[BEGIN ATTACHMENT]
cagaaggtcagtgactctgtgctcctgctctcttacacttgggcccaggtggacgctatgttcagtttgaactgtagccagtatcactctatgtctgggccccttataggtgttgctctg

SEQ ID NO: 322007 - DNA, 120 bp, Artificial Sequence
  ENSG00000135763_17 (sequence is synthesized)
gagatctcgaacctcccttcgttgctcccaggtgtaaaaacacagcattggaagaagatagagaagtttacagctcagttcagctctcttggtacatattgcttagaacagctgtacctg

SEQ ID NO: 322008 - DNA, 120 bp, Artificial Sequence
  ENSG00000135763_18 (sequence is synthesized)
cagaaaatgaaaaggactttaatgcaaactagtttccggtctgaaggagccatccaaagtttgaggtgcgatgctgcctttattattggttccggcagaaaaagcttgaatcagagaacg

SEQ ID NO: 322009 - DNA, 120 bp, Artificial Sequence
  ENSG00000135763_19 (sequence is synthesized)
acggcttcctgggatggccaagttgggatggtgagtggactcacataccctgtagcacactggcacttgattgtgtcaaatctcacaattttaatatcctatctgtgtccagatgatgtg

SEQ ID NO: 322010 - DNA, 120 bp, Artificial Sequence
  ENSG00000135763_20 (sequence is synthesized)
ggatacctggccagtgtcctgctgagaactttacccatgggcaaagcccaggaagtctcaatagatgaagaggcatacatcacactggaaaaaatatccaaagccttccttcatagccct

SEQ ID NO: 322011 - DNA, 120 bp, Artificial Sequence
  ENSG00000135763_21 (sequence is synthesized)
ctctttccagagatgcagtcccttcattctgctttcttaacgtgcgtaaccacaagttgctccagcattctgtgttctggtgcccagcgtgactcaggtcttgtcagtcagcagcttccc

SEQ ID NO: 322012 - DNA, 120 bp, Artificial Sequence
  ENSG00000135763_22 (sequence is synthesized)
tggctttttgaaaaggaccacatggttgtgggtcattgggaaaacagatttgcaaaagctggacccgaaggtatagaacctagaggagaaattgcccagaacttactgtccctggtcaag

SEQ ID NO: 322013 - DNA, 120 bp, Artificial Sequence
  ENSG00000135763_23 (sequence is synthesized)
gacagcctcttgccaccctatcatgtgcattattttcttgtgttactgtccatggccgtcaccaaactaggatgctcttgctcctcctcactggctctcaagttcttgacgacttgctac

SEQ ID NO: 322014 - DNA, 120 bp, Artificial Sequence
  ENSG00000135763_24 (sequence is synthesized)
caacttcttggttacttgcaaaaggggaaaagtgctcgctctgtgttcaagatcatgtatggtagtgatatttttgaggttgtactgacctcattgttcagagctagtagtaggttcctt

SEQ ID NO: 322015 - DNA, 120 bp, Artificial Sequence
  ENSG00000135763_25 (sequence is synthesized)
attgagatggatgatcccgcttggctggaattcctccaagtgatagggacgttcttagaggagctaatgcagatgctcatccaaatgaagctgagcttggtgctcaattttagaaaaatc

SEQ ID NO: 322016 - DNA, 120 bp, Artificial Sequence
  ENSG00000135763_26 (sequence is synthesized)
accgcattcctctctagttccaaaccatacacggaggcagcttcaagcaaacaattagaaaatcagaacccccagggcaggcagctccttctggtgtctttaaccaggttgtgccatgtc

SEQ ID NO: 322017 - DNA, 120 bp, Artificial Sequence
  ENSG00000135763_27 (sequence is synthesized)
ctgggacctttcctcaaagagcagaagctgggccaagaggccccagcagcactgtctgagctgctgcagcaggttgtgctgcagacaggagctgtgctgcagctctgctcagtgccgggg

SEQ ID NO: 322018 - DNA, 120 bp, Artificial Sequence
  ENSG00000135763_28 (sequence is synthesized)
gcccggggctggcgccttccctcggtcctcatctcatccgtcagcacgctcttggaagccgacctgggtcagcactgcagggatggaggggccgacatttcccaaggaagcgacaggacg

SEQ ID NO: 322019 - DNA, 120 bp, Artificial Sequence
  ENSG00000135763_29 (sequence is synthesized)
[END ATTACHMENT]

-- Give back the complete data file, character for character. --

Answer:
cagaaggtcagtgactctgtgctcctgctctcttacacttgggcccaggtggacgctatgttcagtttgaactgtagccagtatcactctatgtctgggccccttataggtgttgctctg

SEQ ID NO: 322007 - DNA, 120 bp, Artificial Sequence
  ENSG00000135763_17 (sequence is synthesized)
gagatctcgaacctcccttcgttgctcccaggtgtaaaaacacagcattggaagaagatagagaagtttacagctcagttcagctctcttggtacatattgcttagaacagctgtacctg

SEQ ID NO: 322008 - DNA, 120 bp, Artificial Sequence
  ENSG00000135763_18 (sequence is synthesized)
cagaaaatgaaaaggactttaatgcaaactagtttccggtctgaaggagccatccaaagtttgaggtgcgatgctgcctttattattggttccggcagaaaaagcttgaatcagagaacg

SEQ ID NO: 322009 - DNA, 120 bp, Artificial Sequence
  ENSG00000135763_19 (sequence is synthesized)
acggcttcctgggatggccaagttgggatggtgagtggactcacataccctgtagcacactggcacttgattgtgtcaaatctcacaattttaatatcctatctgtgtccagatgatgtg

SEQ ID NO: 322010 - DNA, 120 bp, Artificial Sequence
  ENSG00000135763_20 (sequence is synthesized)
ggatacctggccagtgtcctgctgagaactttacccatgggcaaagcccaggaagtctcaatagatgaagaggcatacatcacactggaaaaaatatccaaagccttccttcatagccct

SEQ ID NO: 322011 - DNA, 120 bp, Artificial Sequence
  ENSG00000135763_21 (sequence is synthesized)
ctctttccagagatgcagtcccttcattctgctttcttaacgtgcgtaaccacaagttgctccagcattctgtgttctggtgcccagcgtgactcaggtcttgtcagtcagcagcttccc

SEQ ID NO: 322012 - DNA, 120 bp, Artificial Sequence
  ENSG00000135763_22 (sequence is synthesized)
tggctttttgaaaaggaccacatggttgtgggtcattgggaaaacagatttgcaaaagctggacccgaaggtatagaacctagaggagaaattgcccagaacttactgtccctggtcaag

SEQ ID NO: 322013 - DNA, 120 bp, Artificial Sequence
  ENSG00000135763_23 (sequence is synthesized)
gacagcctcttgccaccctatcatgtgcattattttcttgtgttactgtccatggccgtcaccaaactaggatgctcttgctcctcctcactggctctcaagttcttgacgacttgctac

SEQ ID NO: 322014 - DNA, 120 bp, Artificial Sequence
  ENSG00000135763_24 (sequence is synthesized)
caacttcttggttacttgcaaaaggggaaaagtgctcgctctgtgttcaagatcatgtatggtagtgatatttttgaggttgtactgacctcattgttcagagctagtagtaggttcctt

SEQ ID NO: 322015 - DNA, 120 bp, Artificial Sequence
  ENSG00000135763_25 (sequence is synthesized)
attgagatggatgatcccgcttggctggaattcctccaagtgatagggacgttcttagaggagctaatgcagatgctcatccaaatgaagctgagcttggtgctcaattttagaaaaatc

SEQ ID NO: 322016 - DNA, 120 bp, Artificial Sequence
  ENSG00000135763_26 (sequence is synthesized)
accgcattcctctctagttccaaaccatacacggaggcagcttcaagcaaacaattagaaaatcagaacccccagggcaggcagctccttctggtgtctttaaccaggttgtgccatgtc

SEQ ID NO: 322017 - DNA, 120 bp, Artificial Sequence
  ENSG00000135763_27 (sequence is synthesized)
ctgggacctttcctcaaagagcagaagctgggccaagaggccccagcagcactgtctgagctgctgcagcaggttgtgctgcagacaggagctgtgctgcagctctgctcagtgccgggg

SEQ ID NO: 322018 - DNA, 120 bp, Artificial Sequence
  ENSG00000135763_28 (sequence is synthesized)
gcccggggctggcgccttccctcggtcctcatctcatccgtcagcacgctcttggaagccgacctgggtcagcactgcagggatggaggggccgacatttcccaaggaagcgacaggacg

SEQ ID NO: 322019 - DNA, 120 bp, Artificial Sequence
  ENSG00000135763_29 (sequence is synthesized)